In this article for primary teachers, we suggest ways in which children's solutions on the NRICH site can be used as a teaching resource in their own right.
This article, written for primary teachers, discusses what we mean by 'problem-solving skills' and draws attention to NRICH tasks which can help develop specific skills.
Good questioning techniques have long being regarded as a fundamental tool of effective teachers. This article for teachers looks at different categories of questions that can promote mathematical thinking.
In the process of working with some groups of teachers on using questions to promote mathematical thinking, the following table was developed. It provides examples of generic questions that can be used to guide children through a mathematical investigation, and at the same time prompt higher levels of thinking.
The teachers involved in the Engaging Mathematics Projectwanted to embed rich tasks from the NRICH website into their curriculum for all KS3 and KS4 students. In this article, the teachers share the issues they needed to consider and what they are doing to address them.
As teachers, we appreciate the need to have clear objectives at the start of lessons but have been aware of the limitations this sometimes seems to place on our ability to get the most out of using rich tasks. In this article we talkabotu how we managed this tension.
This article for teachers recounts the history of measurement, encouraging it to be used as a spring board for cross-curricular activity.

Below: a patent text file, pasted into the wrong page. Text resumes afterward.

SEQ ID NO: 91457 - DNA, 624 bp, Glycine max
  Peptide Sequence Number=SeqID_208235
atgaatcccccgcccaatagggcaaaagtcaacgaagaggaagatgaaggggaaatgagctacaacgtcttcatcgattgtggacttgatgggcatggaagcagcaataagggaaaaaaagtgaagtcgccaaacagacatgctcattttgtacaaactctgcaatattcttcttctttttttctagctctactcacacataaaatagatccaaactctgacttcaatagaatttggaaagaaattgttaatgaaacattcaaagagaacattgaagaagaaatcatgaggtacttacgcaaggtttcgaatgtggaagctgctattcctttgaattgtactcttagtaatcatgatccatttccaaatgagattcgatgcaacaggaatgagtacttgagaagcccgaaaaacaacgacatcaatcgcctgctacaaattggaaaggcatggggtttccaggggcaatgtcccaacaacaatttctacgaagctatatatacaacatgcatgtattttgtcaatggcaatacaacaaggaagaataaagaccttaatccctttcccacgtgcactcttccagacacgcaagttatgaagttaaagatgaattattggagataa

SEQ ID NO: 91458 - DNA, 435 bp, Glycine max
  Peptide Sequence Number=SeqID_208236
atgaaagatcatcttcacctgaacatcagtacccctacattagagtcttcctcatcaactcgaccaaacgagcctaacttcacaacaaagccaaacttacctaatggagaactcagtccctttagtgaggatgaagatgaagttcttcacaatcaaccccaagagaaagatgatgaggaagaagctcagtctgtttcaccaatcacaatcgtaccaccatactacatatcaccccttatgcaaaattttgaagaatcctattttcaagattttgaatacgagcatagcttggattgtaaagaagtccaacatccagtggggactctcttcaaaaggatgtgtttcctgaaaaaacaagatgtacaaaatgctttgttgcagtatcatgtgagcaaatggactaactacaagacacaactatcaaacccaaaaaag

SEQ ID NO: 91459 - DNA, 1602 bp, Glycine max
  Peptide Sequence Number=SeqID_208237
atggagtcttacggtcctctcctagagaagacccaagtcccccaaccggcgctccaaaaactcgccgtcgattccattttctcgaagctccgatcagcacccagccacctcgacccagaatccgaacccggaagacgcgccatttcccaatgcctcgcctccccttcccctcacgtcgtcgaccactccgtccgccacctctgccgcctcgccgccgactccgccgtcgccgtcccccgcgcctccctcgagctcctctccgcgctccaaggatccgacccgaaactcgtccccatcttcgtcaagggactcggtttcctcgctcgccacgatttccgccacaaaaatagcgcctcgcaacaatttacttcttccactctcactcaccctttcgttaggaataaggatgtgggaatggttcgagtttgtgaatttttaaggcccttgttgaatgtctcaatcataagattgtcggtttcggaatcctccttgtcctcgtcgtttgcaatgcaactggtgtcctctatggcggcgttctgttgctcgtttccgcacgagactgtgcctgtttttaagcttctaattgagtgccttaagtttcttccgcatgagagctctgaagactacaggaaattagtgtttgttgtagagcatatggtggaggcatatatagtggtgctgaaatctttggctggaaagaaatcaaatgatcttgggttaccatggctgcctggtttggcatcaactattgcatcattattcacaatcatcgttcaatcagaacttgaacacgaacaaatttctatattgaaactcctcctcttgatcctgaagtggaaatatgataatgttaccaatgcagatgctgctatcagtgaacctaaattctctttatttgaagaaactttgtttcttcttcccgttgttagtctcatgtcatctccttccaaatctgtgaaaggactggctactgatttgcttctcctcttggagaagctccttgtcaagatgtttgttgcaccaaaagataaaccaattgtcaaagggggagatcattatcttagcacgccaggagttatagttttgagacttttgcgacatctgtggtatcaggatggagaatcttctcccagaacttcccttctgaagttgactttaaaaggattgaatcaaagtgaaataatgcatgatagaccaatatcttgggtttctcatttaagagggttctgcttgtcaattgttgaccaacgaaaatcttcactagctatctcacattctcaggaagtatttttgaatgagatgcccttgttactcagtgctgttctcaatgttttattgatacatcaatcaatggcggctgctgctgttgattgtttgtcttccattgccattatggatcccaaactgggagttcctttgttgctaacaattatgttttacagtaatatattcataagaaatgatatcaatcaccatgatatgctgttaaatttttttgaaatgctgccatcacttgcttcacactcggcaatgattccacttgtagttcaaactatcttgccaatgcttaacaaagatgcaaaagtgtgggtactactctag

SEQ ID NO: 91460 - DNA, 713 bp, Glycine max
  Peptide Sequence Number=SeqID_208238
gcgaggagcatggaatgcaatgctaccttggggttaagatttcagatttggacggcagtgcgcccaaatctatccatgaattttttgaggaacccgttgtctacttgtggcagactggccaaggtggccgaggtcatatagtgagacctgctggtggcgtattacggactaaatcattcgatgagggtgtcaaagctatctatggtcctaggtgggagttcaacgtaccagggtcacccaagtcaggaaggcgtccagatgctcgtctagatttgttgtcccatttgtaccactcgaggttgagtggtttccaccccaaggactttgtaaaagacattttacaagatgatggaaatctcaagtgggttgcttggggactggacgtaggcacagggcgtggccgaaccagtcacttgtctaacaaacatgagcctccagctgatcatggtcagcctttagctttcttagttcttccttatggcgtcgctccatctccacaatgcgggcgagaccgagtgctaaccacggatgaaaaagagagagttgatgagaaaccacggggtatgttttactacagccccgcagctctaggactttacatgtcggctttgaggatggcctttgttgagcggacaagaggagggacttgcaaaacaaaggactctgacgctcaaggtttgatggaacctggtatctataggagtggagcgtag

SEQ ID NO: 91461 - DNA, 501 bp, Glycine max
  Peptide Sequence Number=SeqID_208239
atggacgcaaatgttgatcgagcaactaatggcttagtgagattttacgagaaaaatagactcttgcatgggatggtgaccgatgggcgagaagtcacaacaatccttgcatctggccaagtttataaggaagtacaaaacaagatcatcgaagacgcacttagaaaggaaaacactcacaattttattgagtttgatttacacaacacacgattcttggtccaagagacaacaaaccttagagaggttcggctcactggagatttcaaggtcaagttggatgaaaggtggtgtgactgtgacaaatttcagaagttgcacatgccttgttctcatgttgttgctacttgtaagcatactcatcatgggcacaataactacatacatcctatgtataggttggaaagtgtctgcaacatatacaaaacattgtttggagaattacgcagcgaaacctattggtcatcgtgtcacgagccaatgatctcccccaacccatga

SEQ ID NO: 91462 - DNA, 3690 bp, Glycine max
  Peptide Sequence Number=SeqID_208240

What might your first lesson with a new class look like? In this article, Cherri Moseley makes some suggestions for primary teachers.
Ranging from kindergarten mathematics to the fringe of research this informal article paints the big picture of number in a non technical way suitable for primary teachers and older students.
Dr James Grime takes an Enigma machine in to schools. Here he describes how the code-breaking work of Turing and his contemporaries helped to win the war.
Written for teachers, this article discusses mathematical representations and takes, in the second part of the article, examples of reception children's own representations.
Here we describe the essence of a 'rich' mathematical task
This brief article, written for upper primary students and their teachers, explains what the Young Mathematicians' Award is and links to all the related resources on NRICH.
This short article critiques the 'What to Expect, When' guidance, written for parents who want to find out more about their child's learning and development in the first five years.
This fascinating article delves into the world of talk in the classroom and explains how an understanding of talking can really improve the learning of mathematics.
This article describes investigations that offer opportunities for children to think differently, and pose their own questions, about shapes.
In this article for teachers, Lynne explains the difference between 'rich tasks' and 'low threshold high ceiling' tasks, using examples from the website.
Becoming a mathematical problem solver really is the point of doing mathematics, so this article offers ideas and strategies to ensure that every lesson can be a problem solving lesson.
How do this month's tasks help to 'educate awareness'?
Most primary teachers are not maths specialists. Do letters seem threatening when they are not in words? How can we minimise what seems to be the difference between primary and secondary approaches to the beginning of algebra?